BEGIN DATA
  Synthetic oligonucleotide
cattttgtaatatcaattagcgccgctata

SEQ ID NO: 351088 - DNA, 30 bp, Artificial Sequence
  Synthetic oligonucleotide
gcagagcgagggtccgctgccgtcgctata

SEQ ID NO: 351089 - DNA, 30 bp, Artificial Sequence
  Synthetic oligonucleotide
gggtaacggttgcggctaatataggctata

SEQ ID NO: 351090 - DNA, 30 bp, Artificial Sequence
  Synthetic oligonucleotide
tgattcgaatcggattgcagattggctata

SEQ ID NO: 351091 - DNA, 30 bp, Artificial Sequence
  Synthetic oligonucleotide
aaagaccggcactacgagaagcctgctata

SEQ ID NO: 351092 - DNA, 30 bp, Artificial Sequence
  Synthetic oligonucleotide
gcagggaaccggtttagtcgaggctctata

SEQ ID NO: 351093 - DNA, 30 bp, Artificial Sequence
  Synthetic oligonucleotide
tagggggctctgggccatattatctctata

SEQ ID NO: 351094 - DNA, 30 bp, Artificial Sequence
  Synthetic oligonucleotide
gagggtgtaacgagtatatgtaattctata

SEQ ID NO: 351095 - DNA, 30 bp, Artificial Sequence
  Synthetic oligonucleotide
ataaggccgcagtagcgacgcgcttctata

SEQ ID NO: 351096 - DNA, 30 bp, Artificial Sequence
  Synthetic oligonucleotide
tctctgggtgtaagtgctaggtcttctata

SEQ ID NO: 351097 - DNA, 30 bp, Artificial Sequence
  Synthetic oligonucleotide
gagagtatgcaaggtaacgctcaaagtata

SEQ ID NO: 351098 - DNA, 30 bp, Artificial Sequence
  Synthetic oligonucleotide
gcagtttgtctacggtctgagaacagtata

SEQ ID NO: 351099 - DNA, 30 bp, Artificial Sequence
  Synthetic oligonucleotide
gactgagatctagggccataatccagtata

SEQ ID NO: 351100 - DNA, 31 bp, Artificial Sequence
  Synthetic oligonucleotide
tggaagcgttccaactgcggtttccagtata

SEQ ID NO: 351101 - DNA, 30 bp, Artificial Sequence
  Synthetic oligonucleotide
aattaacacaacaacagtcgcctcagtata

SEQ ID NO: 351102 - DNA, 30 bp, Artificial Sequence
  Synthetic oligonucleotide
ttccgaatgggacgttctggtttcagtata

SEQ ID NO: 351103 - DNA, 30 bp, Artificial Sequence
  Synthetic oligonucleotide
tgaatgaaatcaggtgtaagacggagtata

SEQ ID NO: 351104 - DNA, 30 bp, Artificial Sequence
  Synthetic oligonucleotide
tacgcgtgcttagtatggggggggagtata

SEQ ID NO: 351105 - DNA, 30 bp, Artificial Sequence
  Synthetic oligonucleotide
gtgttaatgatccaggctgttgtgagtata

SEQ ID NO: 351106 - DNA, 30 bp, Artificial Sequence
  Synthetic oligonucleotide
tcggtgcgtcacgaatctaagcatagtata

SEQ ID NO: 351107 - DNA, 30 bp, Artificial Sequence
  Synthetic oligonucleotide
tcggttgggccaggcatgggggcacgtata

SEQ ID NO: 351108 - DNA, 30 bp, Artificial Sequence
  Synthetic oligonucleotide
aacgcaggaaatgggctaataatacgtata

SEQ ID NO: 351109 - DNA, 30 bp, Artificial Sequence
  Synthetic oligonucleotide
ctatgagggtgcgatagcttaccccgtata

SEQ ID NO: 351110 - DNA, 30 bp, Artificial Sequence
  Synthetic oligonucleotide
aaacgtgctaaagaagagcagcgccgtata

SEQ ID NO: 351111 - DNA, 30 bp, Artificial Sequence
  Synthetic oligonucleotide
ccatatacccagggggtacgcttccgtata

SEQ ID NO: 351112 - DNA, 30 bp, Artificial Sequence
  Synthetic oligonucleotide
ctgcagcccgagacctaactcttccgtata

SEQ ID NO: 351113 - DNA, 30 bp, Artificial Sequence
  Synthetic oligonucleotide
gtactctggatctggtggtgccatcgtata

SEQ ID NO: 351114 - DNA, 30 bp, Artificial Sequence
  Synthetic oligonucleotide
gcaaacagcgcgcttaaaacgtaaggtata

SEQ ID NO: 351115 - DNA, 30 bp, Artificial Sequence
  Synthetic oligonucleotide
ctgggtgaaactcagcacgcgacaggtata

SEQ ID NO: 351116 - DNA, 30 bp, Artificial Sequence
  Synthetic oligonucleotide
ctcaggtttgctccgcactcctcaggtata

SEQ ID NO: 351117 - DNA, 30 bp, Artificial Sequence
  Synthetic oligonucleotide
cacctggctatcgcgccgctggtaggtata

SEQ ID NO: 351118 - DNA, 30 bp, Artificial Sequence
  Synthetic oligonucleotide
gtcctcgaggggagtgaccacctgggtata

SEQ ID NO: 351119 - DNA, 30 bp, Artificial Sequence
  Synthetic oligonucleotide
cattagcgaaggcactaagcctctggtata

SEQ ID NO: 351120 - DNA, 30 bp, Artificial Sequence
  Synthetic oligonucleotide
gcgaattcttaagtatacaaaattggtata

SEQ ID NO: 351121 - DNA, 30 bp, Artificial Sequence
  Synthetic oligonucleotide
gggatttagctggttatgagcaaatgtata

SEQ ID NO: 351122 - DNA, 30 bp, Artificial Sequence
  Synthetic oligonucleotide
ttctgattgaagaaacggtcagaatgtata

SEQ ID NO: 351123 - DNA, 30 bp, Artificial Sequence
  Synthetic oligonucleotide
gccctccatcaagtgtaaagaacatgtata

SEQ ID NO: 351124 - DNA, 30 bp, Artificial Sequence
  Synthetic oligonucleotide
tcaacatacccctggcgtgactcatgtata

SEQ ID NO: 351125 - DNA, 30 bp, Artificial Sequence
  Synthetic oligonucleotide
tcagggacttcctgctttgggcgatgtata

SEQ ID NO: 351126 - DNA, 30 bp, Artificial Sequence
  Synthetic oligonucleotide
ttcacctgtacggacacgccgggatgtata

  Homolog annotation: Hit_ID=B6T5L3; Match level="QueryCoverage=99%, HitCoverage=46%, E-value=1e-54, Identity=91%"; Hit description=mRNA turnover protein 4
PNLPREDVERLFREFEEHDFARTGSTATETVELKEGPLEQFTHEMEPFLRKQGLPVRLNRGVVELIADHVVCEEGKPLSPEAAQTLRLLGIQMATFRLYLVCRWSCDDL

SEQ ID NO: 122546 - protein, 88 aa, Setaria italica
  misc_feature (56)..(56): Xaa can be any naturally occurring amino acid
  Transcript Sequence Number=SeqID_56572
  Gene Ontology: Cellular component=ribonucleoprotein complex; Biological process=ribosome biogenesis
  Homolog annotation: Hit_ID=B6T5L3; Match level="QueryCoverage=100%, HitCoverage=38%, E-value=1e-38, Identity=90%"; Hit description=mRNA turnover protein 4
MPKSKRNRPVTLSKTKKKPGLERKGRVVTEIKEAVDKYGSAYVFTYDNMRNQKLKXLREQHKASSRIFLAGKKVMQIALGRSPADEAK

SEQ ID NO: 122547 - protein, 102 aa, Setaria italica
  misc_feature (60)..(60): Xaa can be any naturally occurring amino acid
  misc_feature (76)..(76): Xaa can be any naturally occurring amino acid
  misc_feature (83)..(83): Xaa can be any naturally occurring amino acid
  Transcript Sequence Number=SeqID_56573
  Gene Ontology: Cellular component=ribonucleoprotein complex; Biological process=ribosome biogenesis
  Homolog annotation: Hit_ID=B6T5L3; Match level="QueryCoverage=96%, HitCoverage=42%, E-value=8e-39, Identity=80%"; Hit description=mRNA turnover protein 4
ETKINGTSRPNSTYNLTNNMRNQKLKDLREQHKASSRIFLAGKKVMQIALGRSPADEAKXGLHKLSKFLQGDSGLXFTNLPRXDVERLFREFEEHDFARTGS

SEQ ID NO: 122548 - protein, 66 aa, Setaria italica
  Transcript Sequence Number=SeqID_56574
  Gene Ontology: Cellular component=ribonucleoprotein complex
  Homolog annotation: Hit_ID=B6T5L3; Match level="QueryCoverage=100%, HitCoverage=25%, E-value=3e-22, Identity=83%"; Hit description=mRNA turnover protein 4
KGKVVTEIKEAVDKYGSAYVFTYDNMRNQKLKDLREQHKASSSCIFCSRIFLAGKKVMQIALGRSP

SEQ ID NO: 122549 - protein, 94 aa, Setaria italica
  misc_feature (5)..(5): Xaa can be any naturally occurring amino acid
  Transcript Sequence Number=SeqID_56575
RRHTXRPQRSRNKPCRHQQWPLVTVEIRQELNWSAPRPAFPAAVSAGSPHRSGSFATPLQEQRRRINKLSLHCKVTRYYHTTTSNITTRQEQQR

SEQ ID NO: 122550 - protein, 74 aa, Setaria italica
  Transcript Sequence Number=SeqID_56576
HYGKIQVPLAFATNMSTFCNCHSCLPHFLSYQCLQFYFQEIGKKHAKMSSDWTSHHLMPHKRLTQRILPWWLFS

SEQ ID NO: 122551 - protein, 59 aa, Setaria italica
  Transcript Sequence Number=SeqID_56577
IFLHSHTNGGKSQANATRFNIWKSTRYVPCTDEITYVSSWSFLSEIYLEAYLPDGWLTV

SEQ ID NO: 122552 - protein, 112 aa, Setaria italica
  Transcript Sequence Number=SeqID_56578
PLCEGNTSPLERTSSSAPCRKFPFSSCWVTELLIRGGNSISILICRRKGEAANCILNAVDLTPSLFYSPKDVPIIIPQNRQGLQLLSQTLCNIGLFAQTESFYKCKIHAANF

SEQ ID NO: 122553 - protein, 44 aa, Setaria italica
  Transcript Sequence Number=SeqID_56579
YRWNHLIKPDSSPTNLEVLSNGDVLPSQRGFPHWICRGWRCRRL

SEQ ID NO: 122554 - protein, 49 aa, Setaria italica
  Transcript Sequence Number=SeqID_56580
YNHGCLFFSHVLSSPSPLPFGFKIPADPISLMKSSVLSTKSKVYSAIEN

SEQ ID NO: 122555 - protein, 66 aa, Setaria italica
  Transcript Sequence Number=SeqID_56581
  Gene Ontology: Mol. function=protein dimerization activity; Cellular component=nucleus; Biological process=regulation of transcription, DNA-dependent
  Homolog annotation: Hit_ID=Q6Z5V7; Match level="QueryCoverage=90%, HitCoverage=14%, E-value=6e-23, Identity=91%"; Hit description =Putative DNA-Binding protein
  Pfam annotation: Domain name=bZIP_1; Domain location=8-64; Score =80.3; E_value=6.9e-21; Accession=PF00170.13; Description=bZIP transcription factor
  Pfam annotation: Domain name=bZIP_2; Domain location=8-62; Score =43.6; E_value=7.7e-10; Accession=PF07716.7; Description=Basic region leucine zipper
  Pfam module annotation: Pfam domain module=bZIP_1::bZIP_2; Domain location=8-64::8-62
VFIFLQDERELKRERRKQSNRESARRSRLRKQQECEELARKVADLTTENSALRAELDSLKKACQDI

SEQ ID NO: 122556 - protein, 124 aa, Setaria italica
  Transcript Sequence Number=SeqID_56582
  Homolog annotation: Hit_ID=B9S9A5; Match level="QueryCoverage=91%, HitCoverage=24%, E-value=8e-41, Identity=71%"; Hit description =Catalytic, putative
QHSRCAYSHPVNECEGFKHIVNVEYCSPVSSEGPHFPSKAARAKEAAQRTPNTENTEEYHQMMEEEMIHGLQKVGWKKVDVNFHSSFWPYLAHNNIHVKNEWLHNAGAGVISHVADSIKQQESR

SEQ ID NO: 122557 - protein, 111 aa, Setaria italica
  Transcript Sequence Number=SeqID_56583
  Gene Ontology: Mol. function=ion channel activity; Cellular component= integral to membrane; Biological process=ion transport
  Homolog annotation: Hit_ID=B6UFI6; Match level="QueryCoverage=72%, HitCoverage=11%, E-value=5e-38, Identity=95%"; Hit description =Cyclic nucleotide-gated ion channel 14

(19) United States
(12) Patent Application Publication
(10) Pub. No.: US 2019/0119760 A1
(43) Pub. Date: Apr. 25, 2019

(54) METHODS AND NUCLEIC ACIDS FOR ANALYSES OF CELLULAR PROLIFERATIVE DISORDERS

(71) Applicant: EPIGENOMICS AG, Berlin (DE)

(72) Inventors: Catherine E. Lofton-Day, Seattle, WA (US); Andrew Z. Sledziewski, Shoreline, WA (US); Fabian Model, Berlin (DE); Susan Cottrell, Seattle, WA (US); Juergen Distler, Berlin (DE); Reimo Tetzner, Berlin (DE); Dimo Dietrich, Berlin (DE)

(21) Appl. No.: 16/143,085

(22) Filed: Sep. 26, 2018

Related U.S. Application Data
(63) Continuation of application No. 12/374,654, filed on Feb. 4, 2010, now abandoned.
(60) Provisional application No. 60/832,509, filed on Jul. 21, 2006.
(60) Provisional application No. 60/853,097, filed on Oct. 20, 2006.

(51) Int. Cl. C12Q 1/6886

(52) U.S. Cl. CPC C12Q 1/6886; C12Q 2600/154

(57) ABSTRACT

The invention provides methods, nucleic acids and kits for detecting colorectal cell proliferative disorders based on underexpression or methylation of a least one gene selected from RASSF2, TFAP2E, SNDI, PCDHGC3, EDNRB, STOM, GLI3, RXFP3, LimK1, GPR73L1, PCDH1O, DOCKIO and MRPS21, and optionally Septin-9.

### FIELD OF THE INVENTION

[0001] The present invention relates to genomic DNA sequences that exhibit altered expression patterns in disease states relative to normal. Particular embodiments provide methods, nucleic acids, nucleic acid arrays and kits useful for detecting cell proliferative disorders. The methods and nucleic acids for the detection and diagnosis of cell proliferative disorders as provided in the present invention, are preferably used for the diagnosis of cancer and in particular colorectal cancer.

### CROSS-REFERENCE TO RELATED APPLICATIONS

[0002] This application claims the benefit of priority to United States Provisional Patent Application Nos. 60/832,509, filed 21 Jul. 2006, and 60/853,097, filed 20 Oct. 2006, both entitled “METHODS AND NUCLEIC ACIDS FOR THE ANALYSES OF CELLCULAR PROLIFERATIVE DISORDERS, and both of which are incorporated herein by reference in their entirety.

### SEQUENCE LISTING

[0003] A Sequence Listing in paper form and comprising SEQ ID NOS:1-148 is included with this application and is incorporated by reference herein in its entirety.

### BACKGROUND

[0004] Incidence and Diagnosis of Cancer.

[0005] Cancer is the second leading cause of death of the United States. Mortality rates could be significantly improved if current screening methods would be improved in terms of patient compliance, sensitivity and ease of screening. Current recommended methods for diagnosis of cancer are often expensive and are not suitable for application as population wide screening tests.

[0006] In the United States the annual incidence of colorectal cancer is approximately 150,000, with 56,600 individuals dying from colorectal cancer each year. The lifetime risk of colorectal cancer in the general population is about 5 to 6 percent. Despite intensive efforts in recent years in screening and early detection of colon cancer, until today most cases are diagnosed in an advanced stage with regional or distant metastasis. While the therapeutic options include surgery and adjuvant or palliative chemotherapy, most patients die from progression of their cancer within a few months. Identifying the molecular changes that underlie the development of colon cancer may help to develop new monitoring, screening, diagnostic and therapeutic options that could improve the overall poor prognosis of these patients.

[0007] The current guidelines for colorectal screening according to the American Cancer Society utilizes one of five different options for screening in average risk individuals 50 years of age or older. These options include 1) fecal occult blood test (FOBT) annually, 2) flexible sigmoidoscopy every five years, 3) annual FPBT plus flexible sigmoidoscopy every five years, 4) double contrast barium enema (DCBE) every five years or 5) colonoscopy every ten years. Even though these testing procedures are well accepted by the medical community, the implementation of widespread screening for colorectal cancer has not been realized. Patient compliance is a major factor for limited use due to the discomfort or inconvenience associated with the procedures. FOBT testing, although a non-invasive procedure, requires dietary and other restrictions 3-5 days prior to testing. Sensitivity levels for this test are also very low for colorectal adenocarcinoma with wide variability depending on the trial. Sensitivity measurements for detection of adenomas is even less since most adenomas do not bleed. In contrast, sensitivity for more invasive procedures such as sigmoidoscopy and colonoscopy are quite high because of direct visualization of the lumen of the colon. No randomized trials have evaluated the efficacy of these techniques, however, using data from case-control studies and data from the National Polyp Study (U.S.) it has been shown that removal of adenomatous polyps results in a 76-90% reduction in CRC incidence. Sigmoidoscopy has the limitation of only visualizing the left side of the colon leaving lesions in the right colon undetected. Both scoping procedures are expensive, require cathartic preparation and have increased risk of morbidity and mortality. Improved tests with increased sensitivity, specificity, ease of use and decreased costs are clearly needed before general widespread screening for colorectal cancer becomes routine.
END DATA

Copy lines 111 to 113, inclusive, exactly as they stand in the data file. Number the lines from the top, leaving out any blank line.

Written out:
SEQ ID NO: 351124 - DNA, 30 bp, Artificial Sequence
  Synthetic oligonucleotide
tcaacatacccctggcgtgactcatgtata